Alternative Treatments for Urinary Tract Infections
Urinary tract infections (UTIs) are a common and often recurring problem for women. Standard approaches usually include antibiotic treatment to eliminate the infection. Unfortunately, in a percentage of women the infection recurs necessitating continuing courses of antibiotics. Around half of all women will experience a symptomatic urinary tract infection in their lifetime and a quarter of those will have the infection recur within six months (Aggarwal 2020). In some women, the bacteria involved may be resistant to certain antibiotics making treatment more difficult. Due to the challenges with standard antibiotic approaches, it’s worth seeing if alternative treatments have enough evidence to be considered a viable option.
Natural approaches for UTIs include:
- Increased water intake
- Cranberry and D-mannose
- Combination herbal/supplement products:
- Utipro plus
I’d be remiss to not mention one of the safest approaches for helping decrease urinary tract infections: drinking enough water. Research shows that drinking more water, especially in women that don’t drink enough, can reduce urinary tract infections. Women with recurrent urinary tract infections that were drinking less than 1.5 liters (6 cups) of water a day were asked to increase their water intake by 1.5 liters in addition to their normal fluid intake. Water alone over the course of a year decreased the risk for recurrent UTIs by a factor of 1.5 (Hooton 2018).
A separate study for women in care homes instituted a monitored practice of having residents drink seven glasses of water per day. Urinary tract infections were reduced by 58% with UTIs requiring hospitalization reduced 36% (Lean 2018).
Cranberry and D-Mannose
When most people think of natural treatments for UTIs they think of cranberry juice. Unfortunately, the data on cranberry juice for urinary tract infections is somewhat mixed. A cochrane review came to the conclusion that cranberry is ineffective. However, the study showed trends towards benefits and mentioned significant limitations in the research, since studies often did not list dosage. Without dosage information, some studies may have not used enough cranberry to be effective (Jepson 2012). Other, more recent meta-analyses have concluded that cranberry is effective at reducing UTIs by 33% or 26%, depending on the analysis (Luis 2017, Fu 2017).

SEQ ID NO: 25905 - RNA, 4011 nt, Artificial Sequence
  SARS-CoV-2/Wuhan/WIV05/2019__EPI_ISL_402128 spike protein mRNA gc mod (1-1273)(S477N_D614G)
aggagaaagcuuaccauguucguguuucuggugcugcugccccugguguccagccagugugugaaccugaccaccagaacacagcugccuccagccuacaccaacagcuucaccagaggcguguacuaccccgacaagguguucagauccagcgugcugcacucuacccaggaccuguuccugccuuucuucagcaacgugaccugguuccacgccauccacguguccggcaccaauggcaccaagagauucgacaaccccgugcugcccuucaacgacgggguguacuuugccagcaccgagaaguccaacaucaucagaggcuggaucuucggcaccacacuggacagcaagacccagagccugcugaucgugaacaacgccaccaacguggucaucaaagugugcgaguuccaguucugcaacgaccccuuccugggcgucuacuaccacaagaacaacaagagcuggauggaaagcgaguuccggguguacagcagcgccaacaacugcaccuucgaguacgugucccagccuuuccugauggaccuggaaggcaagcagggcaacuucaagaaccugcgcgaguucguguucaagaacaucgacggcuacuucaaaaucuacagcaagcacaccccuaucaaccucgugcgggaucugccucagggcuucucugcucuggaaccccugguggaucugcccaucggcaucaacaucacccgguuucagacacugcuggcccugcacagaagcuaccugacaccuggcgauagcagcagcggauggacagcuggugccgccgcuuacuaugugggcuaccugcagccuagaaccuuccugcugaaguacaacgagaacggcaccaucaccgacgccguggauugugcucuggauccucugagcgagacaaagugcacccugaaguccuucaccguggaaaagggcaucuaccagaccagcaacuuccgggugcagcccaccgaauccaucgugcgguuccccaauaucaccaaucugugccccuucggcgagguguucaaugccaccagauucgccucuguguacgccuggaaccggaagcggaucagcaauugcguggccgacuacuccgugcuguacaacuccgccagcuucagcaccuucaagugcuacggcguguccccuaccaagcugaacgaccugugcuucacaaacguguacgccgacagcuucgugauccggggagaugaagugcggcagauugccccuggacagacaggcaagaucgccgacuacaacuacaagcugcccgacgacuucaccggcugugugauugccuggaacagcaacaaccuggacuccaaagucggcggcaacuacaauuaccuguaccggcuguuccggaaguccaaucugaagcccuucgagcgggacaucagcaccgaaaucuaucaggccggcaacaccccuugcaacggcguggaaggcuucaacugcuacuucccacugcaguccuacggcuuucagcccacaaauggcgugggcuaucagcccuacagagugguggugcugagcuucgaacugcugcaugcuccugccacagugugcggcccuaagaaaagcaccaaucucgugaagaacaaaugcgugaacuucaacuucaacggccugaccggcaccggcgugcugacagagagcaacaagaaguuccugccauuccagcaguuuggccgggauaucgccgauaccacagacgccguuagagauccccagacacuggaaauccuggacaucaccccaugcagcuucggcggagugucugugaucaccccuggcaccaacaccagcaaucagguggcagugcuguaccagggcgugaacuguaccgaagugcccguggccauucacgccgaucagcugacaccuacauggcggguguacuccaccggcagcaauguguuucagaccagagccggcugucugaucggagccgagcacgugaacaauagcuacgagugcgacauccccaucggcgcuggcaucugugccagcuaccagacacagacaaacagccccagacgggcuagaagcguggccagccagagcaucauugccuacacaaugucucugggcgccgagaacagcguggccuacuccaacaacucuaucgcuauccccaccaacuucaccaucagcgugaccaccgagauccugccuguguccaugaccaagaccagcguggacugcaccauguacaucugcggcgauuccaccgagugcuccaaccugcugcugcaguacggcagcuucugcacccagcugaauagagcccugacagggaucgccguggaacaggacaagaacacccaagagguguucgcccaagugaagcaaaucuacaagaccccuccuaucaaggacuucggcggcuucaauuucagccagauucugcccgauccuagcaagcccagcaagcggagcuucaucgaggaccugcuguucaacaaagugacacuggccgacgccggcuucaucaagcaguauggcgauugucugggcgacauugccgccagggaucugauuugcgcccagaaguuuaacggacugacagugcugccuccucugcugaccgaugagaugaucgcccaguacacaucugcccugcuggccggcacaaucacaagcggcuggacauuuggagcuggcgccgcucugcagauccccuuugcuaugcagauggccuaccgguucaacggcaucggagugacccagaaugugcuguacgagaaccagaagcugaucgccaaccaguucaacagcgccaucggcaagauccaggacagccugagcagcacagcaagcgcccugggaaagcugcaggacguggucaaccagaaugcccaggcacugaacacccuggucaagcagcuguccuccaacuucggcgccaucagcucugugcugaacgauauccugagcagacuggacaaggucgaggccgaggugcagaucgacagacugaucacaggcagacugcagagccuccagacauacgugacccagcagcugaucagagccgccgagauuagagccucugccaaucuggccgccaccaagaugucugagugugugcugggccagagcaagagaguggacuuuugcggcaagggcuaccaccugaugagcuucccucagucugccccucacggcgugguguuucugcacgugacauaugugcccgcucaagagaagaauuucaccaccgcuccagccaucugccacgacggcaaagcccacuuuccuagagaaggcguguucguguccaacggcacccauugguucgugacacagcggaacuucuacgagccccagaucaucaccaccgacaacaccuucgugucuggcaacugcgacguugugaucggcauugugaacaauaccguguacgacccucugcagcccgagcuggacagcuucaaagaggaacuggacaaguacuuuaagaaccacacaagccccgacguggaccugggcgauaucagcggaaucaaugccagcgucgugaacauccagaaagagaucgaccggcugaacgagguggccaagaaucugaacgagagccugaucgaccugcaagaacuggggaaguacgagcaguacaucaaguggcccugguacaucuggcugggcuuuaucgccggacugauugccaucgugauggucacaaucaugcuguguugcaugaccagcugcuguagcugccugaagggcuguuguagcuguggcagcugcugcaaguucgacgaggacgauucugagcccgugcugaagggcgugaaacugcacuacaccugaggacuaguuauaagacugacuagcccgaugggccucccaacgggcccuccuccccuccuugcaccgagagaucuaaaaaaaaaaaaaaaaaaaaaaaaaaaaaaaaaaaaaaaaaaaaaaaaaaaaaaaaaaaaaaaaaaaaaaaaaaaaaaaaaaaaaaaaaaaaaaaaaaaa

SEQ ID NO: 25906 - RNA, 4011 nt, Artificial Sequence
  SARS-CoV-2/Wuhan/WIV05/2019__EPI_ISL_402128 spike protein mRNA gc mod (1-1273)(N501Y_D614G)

Cranberry is thought to work at least partially due to its D-mannose content. D-mannose is a sugar that inhibits bacteria from sticking to cells inside the urinary tract. It also appears quite safe with virtually no effect on blood sugar levels (Harding 1933). A systematic review also found that D-mannose alone effectively reduces recurrent urinary tract infections and improves the quality of life for women suffering from recurrent infections (Kyriakides 2020). With my own patients, I’ve often recommended D-mannose. While it’s not 100%, I’ve seen enough people benefit that it’s often my first recommendation.
While I usually try not to discuss branded products, there’s enough research to at least mention the two supplements below. Keep in mind that research on branded products often suffers from bias, since the company producing the product is often the source of funding for the studies. The two products are primarily available in Europe, however, I would still note the ingredients as some research supports the individual components’ effects on UTI as well.
Canephron is a supplement combining the herbs rosemary, lovage and centaury. The product has been studied in multiple countries for urinary tract infections in comparison with antibiotics and generally has been found to have about equal efficacy (Rechberger 2020, Alidjanov 2020, Ostrovsky 2019, Wagenlehner 2018). It’s described as an option for women who are allergic to antibiotics and as a way to try and reduce antibiotic use.
The active ingredients in Utipro Plus contain xyloglucan, propolis and hibiscus. In marketing materials, xyloglucan is described as a coating agent that provides a protective film in the intestines. This “film” inhibits bacteria implicated in urinary tract infections.
I would take issue with the description, since the surface area of the intestines is so large, it’s hard to imagine anything contained in a capsule coating the whole surface. It’s more likely that xyloglucan is acting as a “prebiotic” and improves the health of the gut wall (Esposito 2020, Chen 2020). Prebiotics effectively discourage bad bacteria by feeding beneficial organisms.
The research on Utipro Plus is not as robust as Canephron. However, a clinical trial in women showed reduced antibiotic use and improvements in quality of life. By six months, 51 of 61 women had a “return to their pre-UTI clinical status” (Cai 2019). Another study used Utipro Plus in conjunction with an antibiotic initially and showed better clearance and less recurrence of UTIs (Costache 2019).
Urinary tract infections can be challenging for some women to resolve. Standard treatment with antibiotics can also cause problems with the gastrointestinal flora along with encouraging antibiotic resistance. Having safe options for treating uncomplicated urinary tract infections would be a welcome treatment addition. Research is starting to suggest a number of approaches may be helpful in treating UTIs without antibiotics. Hopefully, more research can best identify which approaches are safest and most effective.